3.20.2021 – No Haiku for You?

No Haiku for You?
became no haiku for me
the day words stopped

Just over 2 years ago I started putting words and syllables together into what I generously titled, Haiku.

A little bit after that I started writing short essays on what brought those words and syllables together.

It all just happened.

I would see words, or read something or look at the floor or the sky and the haiku fell out of my brain.

About a month ago they stopped.

From what I read, I have hit a writers block.

So begins the introspection.

Why did they stop?

I have a new job that on the surface is the same job I used to have, working with online content, it has a big difference.

Today however I am called on supply a lot more the creative side of the content instead of just putting it online.

The old job had become kind of rote.

We put stories online.

After 20 years I could tell you what the stories would be before they were written.

I would joke with reporters, “Is it time for the bad cherry crop in Traverse City story already?” or “Time for the gold coin in the red bucket story.”

News Directors would say in meetings, “You know what made a good story this time of year in the past …”

And out would come the “No snowplows in Atlanta” story or the “Watch out for big waves on the Pier” story.

The cycle rarely changed and when it did we called it “Breaking News.”

Now I am not only responsible for getting the stories online, I am responsible for writing them, finding the photos, taking the photos, and getting them online.

Maybe my creative needs have found another outlet.

That is a possible reason.

Another is that recently I broke the 4th Wall and thought about my audience way too much.

I started to look at the keyboard and imagine someone reading what I wrote as I wrote it.

It was like I imagined myself in front of everyone.

Sure death for creativity.

As a side note, I remember how back at Crestview Elementary School we had to learn a song each spring and then have a parents event where all the classes sand their songs.

When I think my parents, with 11 kids, went through this yearly ritual from 1950 to 1980, I think of other forms of cruel and unusual punishment.

One year, I think in 3rd grade, I found out that if I rocked on my heels and locked at my toes, it wasn’t so bad to be up in front of all the parents.

Even though later in the evening one Dad said to me, “You’re the kid who never looked up,” I felt I had discovered a great work around to being up in front of people.

The next year, in 4th grade, during rehearsal in the school gym, I couldn’t wait to try it again,

All the classes were in the Gym for an assembly and took turns singing their class songs.

My class lined up on the steps to the stage in the Gym.

We started to sing.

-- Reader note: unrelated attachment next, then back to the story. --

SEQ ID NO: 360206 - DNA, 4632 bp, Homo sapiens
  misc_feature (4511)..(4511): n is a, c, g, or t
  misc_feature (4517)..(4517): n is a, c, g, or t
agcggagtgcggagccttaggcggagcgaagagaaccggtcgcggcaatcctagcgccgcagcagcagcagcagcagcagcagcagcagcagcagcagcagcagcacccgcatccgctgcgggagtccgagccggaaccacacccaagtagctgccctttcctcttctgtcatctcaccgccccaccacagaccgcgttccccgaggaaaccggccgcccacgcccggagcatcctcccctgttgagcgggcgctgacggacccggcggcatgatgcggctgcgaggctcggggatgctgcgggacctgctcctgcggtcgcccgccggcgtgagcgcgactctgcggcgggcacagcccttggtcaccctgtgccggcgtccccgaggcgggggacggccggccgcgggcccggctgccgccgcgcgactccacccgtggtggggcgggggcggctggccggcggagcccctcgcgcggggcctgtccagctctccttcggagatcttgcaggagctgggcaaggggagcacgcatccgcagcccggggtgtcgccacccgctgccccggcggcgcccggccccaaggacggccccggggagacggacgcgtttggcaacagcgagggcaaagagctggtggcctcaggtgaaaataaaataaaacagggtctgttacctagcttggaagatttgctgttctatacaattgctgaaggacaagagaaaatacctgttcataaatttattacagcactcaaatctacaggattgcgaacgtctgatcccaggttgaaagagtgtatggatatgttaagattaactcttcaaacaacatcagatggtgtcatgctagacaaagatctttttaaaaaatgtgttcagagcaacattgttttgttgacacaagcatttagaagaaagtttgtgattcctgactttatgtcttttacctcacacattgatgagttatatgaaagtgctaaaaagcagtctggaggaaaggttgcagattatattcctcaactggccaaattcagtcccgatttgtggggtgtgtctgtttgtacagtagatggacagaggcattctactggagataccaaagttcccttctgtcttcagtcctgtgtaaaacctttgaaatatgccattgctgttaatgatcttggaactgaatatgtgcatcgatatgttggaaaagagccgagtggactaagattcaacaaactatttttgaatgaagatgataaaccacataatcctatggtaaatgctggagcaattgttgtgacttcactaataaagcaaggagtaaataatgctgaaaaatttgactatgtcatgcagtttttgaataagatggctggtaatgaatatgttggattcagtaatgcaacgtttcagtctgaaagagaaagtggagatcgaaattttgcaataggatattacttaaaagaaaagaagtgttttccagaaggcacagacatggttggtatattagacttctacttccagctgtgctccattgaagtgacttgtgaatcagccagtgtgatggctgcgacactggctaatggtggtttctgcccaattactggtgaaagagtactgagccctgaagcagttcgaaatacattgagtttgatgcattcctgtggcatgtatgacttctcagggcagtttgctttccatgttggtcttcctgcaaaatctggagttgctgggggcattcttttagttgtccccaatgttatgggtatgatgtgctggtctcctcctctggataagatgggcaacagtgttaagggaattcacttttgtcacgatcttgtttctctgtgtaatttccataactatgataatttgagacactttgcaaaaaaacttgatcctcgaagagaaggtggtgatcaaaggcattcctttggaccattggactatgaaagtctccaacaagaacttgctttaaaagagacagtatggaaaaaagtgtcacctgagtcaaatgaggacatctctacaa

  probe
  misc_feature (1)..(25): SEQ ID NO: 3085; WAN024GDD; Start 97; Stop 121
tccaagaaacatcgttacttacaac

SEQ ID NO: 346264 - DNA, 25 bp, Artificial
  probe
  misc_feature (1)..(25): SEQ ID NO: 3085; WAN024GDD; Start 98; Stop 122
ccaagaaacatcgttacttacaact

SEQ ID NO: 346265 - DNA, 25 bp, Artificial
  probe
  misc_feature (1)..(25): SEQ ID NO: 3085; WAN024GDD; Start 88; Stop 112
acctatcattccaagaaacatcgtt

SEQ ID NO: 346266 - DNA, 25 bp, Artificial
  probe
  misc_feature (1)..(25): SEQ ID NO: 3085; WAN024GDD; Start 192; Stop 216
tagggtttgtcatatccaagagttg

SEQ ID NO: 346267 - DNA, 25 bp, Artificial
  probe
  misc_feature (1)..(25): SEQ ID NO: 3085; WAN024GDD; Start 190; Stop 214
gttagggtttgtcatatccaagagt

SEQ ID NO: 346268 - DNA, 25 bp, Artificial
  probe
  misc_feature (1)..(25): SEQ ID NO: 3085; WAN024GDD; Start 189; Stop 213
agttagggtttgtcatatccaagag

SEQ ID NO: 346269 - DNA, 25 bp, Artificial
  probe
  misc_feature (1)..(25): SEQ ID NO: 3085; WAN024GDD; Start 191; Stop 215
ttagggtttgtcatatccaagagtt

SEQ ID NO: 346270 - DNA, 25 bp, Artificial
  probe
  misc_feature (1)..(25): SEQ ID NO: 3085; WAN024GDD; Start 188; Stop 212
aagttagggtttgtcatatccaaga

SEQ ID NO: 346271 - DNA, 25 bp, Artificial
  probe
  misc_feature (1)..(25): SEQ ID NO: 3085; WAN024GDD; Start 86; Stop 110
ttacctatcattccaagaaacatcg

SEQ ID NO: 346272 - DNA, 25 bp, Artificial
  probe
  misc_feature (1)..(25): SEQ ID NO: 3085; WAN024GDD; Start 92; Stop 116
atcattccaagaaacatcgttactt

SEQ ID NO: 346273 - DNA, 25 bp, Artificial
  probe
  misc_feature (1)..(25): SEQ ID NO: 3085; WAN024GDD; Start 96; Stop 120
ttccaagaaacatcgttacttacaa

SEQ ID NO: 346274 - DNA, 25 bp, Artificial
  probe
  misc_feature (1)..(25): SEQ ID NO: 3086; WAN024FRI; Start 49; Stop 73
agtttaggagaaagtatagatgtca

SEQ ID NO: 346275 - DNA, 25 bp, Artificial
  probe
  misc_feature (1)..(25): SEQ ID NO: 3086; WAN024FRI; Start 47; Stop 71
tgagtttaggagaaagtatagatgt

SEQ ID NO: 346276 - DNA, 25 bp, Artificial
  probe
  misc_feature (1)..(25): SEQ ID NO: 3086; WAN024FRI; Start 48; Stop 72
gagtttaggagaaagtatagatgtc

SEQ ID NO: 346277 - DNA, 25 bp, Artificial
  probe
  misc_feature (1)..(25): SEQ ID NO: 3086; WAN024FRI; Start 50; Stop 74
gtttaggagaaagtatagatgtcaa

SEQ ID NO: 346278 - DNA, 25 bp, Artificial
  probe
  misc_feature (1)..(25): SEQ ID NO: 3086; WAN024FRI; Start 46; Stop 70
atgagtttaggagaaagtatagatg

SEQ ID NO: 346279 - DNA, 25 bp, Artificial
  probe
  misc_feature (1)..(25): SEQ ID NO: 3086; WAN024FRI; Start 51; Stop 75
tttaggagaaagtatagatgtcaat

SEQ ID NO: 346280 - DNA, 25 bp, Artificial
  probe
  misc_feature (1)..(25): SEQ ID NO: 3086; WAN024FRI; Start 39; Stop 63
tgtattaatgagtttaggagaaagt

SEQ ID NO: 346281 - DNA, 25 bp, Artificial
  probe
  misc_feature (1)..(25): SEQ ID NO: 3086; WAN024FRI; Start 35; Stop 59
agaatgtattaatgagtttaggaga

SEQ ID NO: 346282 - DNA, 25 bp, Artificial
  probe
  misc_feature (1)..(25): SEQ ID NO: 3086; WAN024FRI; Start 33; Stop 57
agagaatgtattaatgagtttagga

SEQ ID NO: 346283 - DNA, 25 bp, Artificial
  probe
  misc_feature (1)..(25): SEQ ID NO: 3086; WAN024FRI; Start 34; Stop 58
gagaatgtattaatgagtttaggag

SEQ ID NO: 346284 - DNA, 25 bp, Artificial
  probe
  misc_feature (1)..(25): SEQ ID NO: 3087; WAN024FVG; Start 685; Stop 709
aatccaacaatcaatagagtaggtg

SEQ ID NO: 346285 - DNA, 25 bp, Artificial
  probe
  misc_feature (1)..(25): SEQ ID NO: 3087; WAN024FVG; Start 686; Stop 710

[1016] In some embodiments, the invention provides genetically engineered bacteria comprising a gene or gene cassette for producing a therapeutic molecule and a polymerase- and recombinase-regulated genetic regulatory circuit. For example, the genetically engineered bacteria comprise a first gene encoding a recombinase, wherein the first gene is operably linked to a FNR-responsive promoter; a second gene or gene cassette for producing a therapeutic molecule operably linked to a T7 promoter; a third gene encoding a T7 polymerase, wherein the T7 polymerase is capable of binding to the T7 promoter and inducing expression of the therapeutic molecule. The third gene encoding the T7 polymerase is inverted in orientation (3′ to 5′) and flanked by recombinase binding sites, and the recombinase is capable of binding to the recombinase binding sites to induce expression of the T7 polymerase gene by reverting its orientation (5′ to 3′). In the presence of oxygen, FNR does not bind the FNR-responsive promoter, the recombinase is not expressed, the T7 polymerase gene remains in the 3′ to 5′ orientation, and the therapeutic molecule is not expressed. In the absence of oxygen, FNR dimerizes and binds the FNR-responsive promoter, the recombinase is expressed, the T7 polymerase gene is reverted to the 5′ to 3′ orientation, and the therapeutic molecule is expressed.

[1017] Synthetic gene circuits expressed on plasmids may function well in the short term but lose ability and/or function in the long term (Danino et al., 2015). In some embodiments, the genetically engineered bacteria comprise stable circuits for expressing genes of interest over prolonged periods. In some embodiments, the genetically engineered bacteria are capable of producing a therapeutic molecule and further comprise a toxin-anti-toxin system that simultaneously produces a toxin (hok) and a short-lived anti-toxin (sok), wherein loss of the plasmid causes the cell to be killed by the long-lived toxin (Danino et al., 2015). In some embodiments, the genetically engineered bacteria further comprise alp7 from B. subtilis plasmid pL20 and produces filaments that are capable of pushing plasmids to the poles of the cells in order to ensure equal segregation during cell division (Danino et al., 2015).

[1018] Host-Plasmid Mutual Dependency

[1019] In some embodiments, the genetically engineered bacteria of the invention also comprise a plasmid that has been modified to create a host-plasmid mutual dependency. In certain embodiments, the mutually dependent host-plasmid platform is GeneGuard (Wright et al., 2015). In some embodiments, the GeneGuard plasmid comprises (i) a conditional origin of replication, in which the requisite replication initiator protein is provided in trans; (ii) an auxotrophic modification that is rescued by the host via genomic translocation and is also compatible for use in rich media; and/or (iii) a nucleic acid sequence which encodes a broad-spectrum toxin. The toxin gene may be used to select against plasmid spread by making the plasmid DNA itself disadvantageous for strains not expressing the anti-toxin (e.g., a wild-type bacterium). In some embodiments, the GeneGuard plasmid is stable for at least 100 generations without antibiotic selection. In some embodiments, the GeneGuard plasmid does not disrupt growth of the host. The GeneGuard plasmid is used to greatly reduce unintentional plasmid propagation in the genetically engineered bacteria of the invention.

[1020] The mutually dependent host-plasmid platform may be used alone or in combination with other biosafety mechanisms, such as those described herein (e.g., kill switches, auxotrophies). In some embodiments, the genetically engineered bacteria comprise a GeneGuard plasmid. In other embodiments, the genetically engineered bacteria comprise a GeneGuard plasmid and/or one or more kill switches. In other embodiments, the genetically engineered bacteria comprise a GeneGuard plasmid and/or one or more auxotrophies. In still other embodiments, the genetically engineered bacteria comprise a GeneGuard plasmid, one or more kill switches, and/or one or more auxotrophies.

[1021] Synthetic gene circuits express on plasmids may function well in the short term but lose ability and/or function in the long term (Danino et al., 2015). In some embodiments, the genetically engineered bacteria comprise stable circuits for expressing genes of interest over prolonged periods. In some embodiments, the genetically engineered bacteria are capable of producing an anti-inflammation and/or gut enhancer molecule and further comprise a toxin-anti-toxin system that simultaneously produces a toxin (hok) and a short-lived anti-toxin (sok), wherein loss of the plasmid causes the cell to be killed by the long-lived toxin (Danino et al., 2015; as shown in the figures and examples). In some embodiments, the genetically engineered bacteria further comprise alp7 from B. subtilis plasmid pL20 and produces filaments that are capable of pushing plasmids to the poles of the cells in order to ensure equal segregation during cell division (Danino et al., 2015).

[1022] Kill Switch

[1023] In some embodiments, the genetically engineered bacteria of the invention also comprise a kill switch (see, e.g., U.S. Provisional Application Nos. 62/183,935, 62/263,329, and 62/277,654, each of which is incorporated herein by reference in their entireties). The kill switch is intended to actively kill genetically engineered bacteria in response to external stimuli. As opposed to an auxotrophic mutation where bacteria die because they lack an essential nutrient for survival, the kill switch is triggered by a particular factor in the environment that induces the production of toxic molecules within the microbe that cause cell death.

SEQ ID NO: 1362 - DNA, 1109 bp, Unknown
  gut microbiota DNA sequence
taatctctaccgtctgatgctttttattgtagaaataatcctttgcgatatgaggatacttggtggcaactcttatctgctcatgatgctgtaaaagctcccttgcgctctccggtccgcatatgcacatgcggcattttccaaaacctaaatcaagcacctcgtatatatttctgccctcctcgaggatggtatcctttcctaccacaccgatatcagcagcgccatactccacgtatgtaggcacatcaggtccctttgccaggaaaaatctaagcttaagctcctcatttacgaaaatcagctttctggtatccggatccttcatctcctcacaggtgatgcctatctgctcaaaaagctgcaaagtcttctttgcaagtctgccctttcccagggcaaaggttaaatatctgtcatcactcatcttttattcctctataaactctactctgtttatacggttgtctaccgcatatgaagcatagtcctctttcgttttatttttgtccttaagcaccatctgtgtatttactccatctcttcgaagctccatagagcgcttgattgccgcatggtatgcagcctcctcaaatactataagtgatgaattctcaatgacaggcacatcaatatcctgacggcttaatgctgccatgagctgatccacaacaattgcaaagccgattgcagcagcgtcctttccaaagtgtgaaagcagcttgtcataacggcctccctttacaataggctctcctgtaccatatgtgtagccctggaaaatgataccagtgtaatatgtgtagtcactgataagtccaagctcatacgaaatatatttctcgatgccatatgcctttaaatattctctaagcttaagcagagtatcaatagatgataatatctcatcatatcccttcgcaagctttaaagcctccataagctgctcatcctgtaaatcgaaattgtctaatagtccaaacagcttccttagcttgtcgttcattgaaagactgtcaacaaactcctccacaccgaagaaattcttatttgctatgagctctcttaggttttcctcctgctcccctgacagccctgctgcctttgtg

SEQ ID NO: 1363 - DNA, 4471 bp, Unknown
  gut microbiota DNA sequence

I rocked back on my heels and looked at my toes.

This time I rocked back with a little too much enthusiasm and went right over on my back.

I was in the front row and like dominos or maybe bowling pins, I knocked down all the kids behind me.

With my ‘reputation’ the teachers and the Principal had no time for my explanation for my theory and I was banished to the hallway for the rest of the rehearsal with dire warnings of what would happen if I tried that during the performance.

This experience gave me great incite to the trials and tribulations of explorers and scientists in their efforts to garner support for new ideas.

I felt a kinship to Thomas Edison.

But I digress.

Some folks have noticed my lack of production and attributed it to the disappearance of Mr. Trump from the national stage.

I freely admit Mr. Trump’s antics were responsible for much creativity.

Maybe he just exhausted me and I need to recharge.

Maybe it I am experiencing a general exhaustion with Covid and elections and global climate change.

I also relocated from Atlanta to a small coastal town in South Caroline.

My wife has noticed the slow life of the low country.

Maybe its just the lack of stimulation.

Or maybe it is too much stimulation.

I also have been working from home and not driving to work.

Much of my thinking and mental puttering around was in the car during my endless commutes in Atlanta.

That I was off in Haiku land and not paying attention to the drive should come as a surprise to no one.

But I starting working from home a year ago due to covid and that didn’t stop my outputbut then I did have the election and the orange guy for inspiration.

Maybe it is because I started reading Fran Leibowitz’s writing and watching her show, “Pretend its a city.”

She famously has suffered from writers block for decades.

Ms. Leibowitz writes that her editor says, “that the paralysis I have about writing is caused by an excessive reverence for the written word, and I think that’s probably true.”

In searching for use in my Haiku the outstanding in the use of language, maybe I too, came to a paralysis about writing, caused by an excessive reverence for the written word.

Yeah, sureeeeeeeeeeeeeeeeeeeeeeeeeeeeeeeeeeeeeeee.

Maybe I live too close to the beach.

Maybe I just wore out.

Maybe, maybe, maybe.

As I love to quote Frank Lloyd Wright, “Well, there it is.”

I will continue to read.

I will continue to think.

I will continue to ponder.

And when I feel it, I will contine to write.

Until then, No Haiku … for me.

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